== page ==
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A Silent Voice: 5 Ways The Manga Was Better (& 5 The Anime) – CBR – Comic Book Resources

Anime adaptations of manga are able to breathe life into a static presentation, but manga also has advantages over anime adaptations.
A Silent Voice tells the phenomenal story of a boy named Shoya who finds a reason to live after expanding his world due to befriending a deaf girl he used to bully in middle school. It covered a lot of important topics, such as bullying and mental health.
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Originally a manga series, a film adaptation made by Kyoto Animation was released in 2016. Both versions are great, with the manga being able to expand the story more while the movie was able to implement things into it that the manga wasn’t able to. Each version has advantages over the other.
While A Silent Voice tells the same story in both adaptations, the manga has a lot more scenes and the order they are shown in makes more sense to the plot. The order of scenes gives readers a better understanding of who the characters were and how they developed over time.
Due to cutting out parts of the manga, the movie jumps around more often, especially in the first twenty minutes, which makes the pacing feel rushed. The movie showed everything that it needed to in order to make its audience understand the importance of the story’s beginning, but it didn’t have the impact that the manga had.
When an anime cuts out parts of a manga, it usually isn’t as good. However, the film adaptation of A Silent Voice proves that this is not always the case. Though there are many scenes that manga readers wish were in the film, it also cut out the worst parts of the source material.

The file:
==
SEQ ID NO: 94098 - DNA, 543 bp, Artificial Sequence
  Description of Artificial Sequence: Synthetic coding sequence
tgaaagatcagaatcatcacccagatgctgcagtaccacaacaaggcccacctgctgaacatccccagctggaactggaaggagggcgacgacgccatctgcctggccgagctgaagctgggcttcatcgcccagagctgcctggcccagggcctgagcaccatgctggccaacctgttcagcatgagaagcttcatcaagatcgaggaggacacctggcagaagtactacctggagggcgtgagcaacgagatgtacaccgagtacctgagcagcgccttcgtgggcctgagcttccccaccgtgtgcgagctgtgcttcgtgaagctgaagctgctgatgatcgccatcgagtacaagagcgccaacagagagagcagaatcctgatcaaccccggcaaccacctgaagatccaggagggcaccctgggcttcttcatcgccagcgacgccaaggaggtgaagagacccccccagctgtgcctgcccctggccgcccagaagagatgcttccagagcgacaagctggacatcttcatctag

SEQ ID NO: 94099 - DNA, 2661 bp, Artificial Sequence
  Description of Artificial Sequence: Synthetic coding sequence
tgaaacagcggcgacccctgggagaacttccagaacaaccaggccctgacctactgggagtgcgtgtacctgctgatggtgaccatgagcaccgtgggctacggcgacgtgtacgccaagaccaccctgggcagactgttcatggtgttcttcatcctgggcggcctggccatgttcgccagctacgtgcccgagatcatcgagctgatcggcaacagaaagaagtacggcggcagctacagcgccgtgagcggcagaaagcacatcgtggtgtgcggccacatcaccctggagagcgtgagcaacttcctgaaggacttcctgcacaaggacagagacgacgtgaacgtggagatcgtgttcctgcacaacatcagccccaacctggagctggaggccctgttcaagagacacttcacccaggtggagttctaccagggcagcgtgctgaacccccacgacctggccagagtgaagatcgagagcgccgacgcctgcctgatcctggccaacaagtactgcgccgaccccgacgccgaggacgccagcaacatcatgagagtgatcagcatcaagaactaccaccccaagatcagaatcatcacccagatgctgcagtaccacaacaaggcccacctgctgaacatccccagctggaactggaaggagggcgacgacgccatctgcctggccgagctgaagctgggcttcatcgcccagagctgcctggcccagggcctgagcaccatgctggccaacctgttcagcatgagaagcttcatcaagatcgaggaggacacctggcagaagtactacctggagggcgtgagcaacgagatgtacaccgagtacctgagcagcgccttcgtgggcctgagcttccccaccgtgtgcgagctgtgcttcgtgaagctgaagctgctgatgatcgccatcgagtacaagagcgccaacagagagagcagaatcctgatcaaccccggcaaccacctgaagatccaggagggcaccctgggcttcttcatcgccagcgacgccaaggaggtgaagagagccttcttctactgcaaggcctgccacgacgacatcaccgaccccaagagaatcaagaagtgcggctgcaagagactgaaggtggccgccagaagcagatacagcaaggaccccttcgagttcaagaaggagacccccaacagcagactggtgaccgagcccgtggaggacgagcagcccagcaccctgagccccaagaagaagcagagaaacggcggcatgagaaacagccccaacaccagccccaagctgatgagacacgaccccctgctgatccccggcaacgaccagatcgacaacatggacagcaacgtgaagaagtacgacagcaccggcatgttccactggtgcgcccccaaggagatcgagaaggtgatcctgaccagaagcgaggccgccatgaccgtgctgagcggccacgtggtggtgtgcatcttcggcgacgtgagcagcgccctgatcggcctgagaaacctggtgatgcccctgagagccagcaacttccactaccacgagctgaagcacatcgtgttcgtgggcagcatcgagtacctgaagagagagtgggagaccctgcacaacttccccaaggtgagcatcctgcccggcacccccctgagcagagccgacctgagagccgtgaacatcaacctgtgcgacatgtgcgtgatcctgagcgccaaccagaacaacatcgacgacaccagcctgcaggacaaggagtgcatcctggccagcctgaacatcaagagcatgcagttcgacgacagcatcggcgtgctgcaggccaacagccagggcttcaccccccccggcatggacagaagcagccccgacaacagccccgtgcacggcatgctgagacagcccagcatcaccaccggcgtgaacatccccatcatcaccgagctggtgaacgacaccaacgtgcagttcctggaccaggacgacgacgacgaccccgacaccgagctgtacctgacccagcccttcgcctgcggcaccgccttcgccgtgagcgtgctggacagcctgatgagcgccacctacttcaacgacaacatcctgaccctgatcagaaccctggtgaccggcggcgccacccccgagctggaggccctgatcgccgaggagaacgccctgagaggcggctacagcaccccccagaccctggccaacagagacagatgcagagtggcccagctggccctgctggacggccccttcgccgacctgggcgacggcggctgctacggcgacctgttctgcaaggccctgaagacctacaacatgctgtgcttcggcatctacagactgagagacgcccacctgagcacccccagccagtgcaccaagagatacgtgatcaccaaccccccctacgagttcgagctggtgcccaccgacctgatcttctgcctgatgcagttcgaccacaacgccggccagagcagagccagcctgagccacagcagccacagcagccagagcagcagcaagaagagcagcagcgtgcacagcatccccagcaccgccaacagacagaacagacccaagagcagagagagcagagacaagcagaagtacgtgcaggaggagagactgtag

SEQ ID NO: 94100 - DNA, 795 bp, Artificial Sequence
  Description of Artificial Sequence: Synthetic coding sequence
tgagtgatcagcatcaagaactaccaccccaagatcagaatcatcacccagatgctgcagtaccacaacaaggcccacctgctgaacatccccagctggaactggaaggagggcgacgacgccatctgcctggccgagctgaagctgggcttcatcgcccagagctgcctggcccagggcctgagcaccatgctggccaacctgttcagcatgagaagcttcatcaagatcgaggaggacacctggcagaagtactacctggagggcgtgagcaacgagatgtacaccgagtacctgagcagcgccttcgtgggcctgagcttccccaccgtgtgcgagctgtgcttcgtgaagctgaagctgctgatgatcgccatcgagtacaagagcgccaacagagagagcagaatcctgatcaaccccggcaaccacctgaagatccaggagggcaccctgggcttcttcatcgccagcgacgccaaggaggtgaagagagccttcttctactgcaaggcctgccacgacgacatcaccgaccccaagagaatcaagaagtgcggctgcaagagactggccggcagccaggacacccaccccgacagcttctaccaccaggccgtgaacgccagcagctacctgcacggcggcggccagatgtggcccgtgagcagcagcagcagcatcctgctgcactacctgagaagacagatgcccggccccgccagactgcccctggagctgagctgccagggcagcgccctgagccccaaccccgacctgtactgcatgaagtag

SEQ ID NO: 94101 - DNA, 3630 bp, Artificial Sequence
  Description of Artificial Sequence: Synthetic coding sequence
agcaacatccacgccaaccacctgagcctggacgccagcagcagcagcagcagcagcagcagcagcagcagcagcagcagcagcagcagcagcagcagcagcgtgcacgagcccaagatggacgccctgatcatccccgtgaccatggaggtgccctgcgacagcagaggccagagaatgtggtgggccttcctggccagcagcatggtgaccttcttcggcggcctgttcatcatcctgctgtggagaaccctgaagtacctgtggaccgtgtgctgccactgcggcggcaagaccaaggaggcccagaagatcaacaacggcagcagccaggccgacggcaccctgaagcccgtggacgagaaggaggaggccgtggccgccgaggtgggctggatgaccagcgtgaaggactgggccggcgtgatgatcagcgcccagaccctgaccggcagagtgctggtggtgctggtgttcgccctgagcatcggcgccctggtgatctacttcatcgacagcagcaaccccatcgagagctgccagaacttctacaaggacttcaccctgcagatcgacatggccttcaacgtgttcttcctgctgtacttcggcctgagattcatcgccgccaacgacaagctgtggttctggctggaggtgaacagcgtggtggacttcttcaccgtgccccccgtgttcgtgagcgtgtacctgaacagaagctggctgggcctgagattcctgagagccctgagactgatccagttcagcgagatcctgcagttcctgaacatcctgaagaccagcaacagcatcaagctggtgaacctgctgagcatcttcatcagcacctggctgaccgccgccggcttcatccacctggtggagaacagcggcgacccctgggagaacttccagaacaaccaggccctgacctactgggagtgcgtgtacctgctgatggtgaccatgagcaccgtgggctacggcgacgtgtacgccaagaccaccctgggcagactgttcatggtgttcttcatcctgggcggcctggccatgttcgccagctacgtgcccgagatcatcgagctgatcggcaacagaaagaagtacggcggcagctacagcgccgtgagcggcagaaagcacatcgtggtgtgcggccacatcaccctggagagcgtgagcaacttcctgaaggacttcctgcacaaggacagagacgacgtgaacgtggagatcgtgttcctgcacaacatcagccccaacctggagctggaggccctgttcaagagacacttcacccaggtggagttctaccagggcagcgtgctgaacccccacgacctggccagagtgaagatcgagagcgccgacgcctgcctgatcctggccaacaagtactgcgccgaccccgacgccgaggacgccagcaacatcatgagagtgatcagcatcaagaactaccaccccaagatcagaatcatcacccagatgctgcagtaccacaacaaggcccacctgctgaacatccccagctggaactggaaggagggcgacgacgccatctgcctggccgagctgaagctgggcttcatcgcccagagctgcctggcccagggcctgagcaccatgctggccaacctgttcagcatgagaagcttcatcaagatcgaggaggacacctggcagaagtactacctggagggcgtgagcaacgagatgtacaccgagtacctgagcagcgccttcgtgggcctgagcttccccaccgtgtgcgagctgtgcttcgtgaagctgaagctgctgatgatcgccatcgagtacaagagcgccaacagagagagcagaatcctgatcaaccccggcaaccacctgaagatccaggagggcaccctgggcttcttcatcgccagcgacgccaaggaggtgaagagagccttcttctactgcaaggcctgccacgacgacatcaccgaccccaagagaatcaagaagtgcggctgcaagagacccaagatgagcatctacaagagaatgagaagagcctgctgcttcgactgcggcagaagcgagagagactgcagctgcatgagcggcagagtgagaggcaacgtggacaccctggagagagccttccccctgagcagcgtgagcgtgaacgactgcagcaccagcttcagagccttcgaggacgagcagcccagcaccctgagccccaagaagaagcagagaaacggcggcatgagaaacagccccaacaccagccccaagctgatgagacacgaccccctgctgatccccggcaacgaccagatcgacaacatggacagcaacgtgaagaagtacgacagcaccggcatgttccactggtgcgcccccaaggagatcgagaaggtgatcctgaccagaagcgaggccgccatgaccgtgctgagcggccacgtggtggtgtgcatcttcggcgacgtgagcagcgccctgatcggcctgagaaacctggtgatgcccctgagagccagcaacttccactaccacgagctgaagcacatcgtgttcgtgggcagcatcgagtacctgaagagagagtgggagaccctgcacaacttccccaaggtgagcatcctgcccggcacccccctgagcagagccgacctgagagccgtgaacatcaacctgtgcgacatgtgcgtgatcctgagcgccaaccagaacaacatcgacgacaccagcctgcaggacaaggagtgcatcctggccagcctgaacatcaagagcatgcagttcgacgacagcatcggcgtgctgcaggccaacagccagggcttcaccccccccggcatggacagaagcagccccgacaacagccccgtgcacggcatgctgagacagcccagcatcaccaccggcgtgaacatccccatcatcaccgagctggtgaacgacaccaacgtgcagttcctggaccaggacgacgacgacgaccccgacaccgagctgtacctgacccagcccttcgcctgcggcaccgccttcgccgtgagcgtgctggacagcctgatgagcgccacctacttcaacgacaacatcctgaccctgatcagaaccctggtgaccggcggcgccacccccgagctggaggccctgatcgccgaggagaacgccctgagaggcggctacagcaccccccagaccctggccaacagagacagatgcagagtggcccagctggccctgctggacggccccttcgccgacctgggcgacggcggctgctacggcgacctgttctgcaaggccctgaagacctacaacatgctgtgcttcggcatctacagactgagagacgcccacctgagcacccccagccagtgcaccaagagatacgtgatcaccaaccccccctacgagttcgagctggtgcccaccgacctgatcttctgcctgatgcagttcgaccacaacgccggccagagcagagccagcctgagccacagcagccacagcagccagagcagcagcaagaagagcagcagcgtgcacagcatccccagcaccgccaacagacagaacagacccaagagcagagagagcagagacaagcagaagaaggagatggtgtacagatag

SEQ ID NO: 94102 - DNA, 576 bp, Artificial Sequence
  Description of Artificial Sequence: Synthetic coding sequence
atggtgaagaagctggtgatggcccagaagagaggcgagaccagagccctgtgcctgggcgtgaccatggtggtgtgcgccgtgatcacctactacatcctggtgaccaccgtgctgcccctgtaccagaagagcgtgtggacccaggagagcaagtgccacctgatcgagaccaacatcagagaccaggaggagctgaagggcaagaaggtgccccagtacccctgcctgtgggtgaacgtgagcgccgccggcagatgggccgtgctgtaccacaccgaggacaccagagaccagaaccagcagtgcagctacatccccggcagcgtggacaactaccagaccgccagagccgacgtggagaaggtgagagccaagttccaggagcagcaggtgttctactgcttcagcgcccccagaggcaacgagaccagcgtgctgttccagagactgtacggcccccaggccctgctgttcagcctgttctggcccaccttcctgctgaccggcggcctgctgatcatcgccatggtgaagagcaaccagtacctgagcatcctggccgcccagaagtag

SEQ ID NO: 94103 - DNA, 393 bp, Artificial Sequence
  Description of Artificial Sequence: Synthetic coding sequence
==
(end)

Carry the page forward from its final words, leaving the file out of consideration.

This resulted in some characters being more likable in the anime. There were things that were unnecessary to not take away from the parts of the manga that the movie kept, though there are some things that the anime should have kept in.
The movie didn’t include some of the best parts of the manga. A lot of things that happen in the first volume of the series were not shown, such as what Shoya’s life was like before meeting Shoko. This allowed readers to understand him more prior to his meeting Shoko and the other main characters.
RELATED: Shoya & 9 Other Silent Voice Characters Who Redeemed Themselves
Shoya’s not the only character that fans got to learn more about by reading the manga, as it also explored the Nishimiya family through a lot of flashbacks in the series. By getting to know their pasts, readers were able to care about the main characters in ways that they couldn’t through the film.
There were times throughout the manga when the story was either very light-hearted or dark. While the film still kept its mature themes and the most important moments, such as Shoya saving Shoko’s life, it didn’t go as far as the manga did in other areas.
Instead, it did a better job of balancing the light and dark moments. It even replaced some scenes with original stuff, whether comedic or gloomy. These changes highlighted the different tones of storytelling throughout A Silent Voice.
As the main character of A Silent Voice, it’s important for fans to understand Shoya as much as possible. The manga did a great job at letting readers know exactly who he was by dedicating a lot of the story to showing his inner thoughts.